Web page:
Pragmatics is like the social intelligence of language. It deals with how language is used in real-life situations and how context influences communication. Just as knowing when to use formal or informal language is crucial in social interactions, pragmatics helps us understand the unspoken rules of language use.
Pragmatics focuses on speech acts, which are the actions performed through language. Every time we speak, we are not just conveying information but also performing various speech acts, such as making requests, giving commands, asking questions, making promises, apologizing, etc.
Examples of Speech Acts:
Request: “Can you pass me the salt, please?”
Command: “Close the door.”
Question: “Where are you going?”
Promise: “I will help you with your homework.”
Apology: “I’m sorry for being late.”
Pragmatics involves adhering to Grice’s Maxims, which are principles of conversation proposed by philosopher H.P. Grice.
These maxims guide effective communication and include:
Maxim of Quantity: Provide enough information, neither too much nor too little.
Maxim of Quality: Be truthful and only share information you believe to be true.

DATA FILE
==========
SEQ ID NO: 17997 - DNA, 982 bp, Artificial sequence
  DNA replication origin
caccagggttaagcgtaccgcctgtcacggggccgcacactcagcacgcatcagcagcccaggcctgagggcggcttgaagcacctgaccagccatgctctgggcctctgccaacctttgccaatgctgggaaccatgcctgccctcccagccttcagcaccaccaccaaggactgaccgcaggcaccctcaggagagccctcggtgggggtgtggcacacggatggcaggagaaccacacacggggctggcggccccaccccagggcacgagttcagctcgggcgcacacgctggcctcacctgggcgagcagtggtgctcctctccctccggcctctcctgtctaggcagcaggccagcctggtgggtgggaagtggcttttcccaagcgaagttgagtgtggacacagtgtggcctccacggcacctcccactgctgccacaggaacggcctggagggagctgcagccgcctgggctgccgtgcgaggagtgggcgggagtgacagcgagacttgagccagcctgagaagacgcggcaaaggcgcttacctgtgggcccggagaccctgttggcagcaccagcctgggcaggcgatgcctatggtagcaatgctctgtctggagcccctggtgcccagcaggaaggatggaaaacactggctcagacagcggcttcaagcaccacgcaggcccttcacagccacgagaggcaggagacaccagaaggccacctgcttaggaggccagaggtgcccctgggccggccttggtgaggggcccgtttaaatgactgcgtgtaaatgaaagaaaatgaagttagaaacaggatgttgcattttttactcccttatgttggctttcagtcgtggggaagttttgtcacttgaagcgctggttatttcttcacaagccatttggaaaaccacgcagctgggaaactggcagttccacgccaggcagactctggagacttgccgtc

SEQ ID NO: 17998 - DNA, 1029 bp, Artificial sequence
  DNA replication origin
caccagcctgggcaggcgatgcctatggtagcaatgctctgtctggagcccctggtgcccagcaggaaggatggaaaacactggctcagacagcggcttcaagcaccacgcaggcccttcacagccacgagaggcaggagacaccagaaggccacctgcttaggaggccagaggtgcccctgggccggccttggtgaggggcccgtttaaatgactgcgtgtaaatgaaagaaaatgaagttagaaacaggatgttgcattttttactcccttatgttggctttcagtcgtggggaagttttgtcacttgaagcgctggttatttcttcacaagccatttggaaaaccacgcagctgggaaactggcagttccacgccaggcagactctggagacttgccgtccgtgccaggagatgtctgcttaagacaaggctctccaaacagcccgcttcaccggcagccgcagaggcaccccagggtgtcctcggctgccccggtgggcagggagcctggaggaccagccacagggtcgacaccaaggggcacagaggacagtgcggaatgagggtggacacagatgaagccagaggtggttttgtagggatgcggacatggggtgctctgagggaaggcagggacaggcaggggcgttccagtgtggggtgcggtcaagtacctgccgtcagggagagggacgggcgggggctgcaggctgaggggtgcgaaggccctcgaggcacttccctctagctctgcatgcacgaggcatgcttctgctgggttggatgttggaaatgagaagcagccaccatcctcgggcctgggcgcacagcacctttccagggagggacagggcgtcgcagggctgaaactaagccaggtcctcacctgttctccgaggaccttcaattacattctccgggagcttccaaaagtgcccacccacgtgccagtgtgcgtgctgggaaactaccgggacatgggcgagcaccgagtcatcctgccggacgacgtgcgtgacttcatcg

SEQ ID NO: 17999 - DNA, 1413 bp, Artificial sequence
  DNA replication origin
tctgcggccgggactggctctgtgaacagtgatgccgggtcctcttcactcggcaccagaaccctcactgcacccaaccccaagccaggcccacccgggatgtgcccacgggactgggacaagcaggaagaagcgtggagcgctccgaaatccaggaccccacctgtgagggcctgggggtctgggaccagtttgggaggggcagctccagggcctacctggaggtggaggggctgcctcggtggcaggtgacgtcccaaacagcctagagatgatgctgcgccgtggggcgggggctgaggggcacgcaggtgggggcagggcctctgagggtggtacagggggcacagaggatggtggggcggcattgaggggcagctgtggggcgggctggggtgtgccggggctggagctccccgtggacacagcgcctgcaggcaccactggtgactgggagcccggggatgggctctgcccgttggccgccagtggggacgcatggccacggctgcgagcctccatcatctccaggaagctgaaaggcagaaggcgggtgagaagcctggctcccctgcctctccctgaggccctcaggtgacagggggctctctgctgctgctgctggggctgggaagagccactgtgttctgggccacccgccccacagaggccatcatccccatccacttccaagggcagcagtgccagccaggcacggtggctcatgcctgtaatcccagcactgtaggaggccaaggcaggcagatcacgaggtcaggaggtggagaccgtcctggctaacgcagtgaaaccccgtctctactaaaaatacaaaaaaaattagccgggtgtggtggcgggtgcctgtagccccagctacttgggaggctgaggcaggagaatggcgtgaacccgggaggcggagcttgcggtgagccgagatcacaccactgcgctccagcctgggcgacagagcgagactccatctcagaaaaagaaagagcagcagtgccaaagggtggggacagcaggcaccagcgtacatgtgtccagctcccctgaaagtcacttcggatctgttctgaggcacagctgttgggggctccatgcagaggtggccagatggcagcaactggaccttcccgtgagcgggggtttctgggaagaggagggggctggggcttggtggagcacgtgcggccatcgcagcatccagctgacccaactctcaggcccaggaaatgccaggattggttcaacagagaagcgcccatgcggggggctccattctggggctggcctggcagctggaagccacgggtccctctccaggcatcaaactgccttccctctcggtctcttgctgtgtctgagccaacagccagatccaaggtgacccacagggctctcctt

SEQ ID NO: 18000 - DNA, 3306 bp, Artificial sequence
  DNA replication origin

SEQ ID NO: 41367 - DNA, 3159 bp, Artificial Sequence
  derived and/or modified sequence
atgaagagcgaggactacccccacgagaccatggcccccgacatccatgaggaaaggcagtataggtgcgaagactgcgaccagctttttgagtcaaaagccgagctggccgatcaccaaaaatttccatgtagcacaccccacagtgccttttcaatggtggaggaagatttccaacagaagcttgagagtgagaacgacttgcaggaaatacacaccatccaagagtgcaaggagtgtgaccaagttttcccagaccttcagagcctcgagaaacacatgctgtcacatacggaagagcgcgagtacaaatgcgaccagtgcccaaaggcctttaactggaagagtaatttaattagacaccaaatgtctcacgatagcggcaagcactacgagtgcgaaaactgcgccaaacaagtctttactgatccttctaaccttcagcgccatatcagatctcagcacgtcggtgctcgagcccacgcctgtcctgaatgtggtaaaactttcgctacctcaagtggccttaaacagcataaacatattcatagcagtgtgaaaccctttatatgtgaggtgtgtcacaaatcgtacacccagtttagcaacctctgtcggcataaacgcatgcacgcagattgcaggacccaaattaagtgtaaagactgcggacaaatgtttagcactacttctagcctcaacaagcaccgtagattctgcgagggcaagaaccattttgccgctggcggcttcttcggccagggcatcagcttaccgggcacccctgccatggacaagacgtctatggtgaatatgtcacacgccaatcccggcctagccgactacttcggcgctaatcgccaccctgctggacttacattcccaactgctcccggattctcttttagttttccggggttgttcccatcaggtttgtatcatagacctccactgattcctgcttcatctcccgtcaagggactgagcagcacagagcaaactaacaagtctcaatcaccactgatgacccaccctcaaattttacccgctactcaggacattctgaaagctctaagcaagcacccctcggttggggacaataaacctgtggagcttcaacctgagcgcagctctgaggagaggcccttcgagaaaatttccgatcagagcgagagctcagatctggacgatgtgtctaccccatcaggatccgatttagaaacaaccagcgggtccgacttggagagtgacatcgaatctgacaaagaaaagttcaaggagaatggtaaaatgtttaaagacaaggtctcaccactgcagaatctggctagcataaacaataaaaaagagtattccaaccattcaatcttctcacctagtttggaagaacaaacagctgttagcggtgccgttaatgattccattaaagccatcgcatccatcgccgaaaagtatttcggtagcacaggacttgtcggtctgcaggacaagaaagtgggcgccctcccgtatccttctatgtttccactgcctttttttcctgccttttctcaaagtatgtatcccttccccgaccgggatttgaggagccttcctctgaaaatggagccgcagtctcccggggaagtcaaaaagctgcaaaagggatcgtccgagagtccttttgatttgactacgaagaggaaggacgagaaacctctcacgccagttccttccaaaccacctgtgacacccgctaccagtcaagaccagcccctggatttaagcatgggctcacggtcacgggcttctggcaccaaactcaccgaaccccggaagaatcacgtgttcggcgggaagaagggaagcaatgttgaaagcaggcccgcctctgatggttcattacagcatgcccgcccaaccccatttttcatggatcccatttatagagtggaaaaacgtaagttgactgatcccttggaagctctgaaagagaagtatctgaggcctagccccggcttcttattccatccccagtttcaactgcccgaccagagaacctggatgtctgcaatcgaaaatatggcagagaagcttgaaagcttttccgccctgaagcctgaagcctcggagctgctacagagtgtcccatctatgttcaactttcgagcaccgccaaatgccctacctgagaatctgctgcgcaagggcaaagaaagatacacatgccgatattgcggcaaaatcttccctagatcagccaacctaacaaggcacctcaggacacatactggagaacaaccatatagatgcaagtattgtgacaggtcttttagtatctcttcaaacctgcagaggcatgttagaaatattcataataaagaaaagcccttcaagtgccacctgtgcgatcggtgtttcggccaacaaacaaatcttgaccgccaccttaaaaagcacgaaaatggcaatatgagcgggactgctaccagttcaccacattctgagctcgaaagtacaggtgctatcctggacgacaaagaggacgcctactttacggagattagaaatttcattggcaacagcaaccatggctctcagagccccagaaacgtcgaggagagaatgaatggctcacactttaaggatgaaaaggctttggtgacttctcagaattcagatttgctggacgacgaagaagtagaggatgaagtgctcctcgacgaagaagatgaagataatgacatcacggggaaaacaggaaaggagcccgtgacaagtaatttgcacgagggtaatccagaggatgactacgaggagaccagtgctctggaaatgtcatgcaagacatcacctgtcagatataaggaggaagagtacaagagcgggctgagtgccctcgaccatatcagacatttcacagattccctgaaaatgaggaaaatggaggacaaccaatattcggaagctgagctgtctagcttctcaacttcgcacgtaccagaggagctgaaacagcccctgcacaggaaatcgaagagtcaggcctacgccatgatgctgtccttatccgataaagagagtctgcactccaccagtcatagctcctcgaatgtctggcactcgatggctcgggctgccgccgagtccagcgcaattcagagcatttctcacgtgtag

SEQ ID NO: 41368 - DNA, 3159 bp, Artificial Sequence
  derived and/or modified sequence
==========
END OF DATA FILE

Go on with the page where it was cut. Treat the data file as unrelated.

Maxim of Relation: Be relevant and stick to the topic of conversation.
Maxim of Manner: Be clear, brief, and orderly in your communication.
Implicature is like the hidden meaning behind words. It refers to the inferred meaning or intention conveyed by a speaker that goes beyond the literal meaning of the words used.
Example of Implicature:
If someone asks, “Do you have any plans for the weekend?” and you respond, “I have a lot of work to do,” the implicature may be that you are not available for social activities.
Pragmatics recognizes the importance of context in communication. The meaning of a sentence may change based on the social setting, relationship between the speakers, and shared knowledge.
Example of Speech Context:
If you say, “It’s cold in here,” the meaning can change depending on whether you say it while shivering outside on a winter day or while stepping into a hot sauna.